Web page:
This play deals with very serious themes – terminal illness, euthanasia, guilt, blame, attitudes towards death, ethical dilemmas. Unfortunately the writing lacks the subtext and subtlety required to explore such weighty matters effectively. Everyone speaks exactly what’s on their mind and the emotional responses simply didn’t ring true. For example, the sister goes from horror that Skye may be disconnected from life support to elation that her new boyfriend is cured of cancer within a heartbeat, her comatose sibling totally forgotten as celebrations are planned. Similarly, the doctor at one point screams at his son to ‘wake up’. With dialogue so direct the upping of emotional stakes in the acting only came across as overwrought.
The actress playing Skye was good but was sidelined as an observer for much of the play. There was an interesting beat when Skye meets her dead brother and sister who entice her to ‘let go’ with the promise of delights the afterlife will bring. This had the potential to be a strong dilemma for the character – whether to fight for life or slip away to join her siblings – but that decision was invested in others, diluting her potency in the story. Another angle partially set-up was that Skye could have been the catalyst for other characters to confess their secrets and fears to but we didn’t know them well enough to care, none more so than the friend who declares she is gay. I had no idea who this was as she appears from nowhere so I had no empathy or connection to her plight.
With more work on the script to pull back on the expository dialogue and invest the central character with more agency this could be a strong piece of theatre. The play starred Brittany Isaia, Shannen Precious, Sam Dunlop, Briony Kennedy, Elizabeth Offer, Nicola D Kinnane, Deakhan Lowrie, Shelly Miller, and Luke Miller.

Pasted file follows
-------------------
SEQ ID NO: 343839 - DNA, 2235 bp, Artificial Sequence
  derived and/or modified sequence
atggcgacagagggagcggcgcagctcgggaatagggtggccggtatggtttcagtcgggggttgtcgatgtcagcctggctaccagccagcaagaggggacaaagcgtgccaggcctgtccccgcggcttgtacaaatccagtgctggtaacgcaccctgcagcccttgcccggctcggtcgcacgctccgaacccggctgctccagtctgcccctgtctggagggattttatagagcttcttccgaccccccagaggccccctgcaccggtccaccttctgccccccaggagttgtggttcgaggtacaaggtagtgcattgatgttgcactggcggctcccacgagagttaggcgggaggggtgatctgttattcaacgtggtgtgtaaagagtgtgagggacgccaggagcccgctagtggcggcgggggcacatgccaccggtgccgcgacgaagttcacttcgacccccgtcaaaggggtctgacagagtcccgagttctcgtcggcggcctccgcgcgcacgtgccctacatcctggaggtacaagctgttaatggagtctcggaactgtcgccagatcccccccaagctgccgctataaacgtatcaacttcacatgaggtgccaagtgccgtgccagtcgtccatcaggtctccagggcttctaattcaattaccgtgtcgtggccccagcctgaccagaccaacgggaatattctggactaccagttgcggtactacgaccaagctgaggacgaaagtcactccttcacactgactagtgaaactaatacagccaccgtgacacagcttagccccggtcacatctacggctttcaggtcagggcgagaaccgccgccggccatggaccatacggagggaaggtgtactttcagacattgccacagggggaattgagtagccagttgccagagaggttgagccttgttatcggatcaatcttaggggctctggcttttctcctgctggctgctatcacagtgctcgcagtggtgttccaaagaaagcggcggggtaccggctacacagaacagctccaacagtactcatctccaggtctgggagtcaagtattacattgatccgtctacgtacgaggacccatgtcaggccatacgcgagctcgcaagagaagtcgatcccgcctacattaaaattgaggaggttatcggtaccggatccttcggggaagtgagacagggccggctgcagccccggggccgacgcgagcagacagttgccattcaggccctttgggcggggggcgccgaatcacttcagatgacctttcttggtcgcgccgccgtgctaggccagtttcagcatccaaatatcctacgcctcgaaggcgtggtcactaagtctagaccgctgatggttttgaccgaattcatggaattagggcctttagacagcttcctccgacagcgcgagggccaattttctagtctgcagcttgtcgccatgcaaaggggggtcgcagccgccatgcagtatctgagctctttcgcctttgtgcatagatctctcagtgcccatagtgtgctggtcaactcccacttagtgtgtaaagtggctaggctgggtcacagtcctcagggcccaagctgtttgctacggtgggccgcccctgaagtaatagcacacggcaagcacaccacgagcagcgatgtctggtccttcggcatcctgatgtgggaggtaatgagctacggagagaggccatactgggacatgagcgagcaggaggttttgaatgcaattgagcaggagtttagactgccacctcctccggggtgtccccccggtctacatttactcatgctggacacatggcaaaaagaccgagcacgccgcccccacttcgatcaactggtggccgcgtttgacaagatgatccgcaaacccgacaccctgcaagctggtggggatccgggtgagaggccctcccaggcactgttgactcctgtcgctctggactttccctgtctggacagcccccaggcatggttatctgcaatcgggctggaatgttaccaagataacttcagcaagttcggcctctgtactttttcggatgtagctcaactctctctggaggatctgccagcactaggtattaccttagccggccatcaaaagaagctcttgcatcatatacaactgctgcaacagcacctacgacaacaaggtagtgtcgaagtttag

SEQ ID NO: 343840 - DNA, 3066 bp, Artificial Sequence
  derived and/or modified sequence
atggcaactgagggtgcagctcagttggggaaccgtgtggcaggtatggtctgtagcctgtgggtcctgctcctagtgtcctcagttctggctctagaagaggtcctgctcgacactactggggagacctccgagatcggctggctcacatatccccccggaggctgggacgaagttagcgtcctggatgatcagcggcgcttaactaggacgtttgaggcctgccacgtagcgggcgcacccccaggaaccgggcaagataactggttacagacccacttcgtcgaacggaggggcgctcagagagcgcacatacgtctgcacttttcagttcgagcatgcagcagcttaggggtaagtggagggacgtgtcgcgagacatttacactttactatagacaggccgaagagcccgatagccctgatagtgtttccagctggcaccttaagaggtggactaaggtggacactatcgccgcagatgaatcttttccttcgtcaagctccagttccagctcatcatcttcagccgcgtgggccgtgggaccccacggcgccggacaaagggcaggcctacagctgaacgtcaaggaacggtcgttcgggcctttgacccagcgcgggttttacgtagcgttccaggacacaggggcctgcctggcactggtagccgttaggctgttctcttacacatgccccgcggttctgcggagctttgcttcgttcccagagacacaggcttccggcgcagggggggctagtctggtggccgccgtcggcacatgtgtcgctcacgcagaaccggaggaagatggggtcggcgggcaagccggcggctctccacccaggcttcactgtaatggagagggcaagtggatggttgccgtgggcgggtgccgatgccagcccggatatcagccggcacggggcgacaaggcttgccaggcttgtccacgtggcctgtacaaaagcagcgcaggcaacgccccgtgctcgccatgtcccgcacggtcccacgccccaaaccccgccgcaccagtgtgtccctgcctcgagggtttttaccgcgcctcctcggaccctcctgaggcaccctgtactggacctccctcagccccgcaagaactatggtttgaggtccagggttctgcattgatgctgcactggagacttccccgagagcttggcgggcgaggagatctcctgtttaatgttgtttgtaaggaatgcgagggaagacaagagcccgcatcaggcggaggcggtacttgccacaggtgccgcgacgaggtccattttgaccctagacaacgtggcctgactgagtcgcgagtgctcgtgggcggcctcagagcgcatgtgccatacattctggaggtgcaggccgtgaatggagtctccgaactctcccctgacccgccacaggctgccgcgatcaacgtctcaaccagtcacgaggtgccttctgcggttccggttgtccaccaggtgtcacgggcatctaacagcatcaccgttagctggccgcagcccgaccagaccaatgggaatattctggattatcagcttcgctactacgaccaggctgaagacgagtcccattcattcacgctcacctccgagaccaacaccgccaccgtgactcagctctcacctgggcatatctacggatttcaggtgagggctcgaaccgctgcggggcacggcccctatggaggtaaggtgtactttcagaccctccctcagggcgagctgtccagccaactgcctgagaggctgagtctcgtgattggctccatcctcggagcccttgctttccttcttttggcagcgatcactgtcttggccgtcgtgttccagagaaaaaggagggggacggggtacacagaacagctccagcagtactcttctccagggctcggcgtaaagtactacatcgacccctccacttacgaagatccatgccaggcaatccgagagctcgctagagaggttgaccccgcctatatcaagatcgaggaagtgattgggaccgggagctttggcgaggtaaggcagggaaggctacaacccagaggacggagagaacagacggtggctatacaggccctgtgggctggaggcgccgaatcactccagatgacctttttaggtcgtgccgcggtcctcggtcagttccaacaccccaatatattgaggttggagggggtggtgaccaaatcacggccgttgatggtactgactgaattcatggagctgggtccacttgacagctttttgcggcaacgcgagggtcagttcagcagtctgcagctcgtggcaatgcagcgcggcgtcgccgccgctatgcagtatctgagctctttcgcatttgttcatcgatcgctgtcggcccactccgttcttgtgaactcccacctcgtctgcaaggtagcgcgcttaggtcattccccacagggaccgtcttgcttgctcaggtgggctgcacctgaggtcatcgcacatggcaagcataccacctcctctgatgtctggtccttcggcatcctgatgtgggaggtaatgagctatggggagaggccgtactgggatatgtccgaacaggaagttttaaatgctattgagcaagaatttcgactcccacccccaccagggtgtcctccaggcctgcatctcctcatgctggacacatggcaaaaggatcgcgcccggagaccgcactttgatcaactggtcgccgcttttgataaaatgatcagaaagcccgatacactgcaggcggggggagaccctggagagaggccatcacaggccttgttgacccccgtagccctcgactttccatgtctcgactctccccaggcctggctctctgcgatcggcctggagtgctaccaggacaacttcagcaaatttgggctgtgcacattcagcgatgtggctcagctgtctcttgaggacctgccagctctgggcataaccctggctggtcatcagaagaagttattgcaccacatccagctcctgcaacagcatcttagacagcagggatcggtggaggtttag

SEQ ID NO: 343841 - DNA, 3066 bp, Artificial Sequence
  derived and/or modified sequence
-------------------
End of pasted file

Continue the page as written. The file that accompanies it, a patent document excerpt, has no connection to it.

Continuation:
Lastly, we revisited the afterlife with Garrick Theatre’s After Life: The Essential Handbook. This was a curious hybrid, starting off as a tongue-in-cheek description of the rules of the afterlife delivered by deceased author Amber Jennings but then following the actual story of Amber’s arrival in the hereafter and her struggles with an evil leader of nomad ghosts. I initially thought this was going to be a series of amusing vignettes as chapter headings were announced. Those headings proved to be signposts, however, for a self-contained story that I found a little muddled but ultimately suggested that evil isn’t as clear cut as it seems. The standout here was the actress playing Amber’s sister who is silently (though notable) in the background for most of the play until giving a lovely monologue late in the piece. Directed by Emily Theseira, the play featured Georgia Rodgers, Ben Adcock, Liam Longley, Chelsea Gibson, Daniel Slee, Natalie Cox, Madeleine Shaw, Kieran Theseira, James Riseborough, Ferida Mousavi, Chantelle Schuurmans, and Alison Seiler.
Reproduced, with permission, from Dramafest – Session 3 (26 September 2014)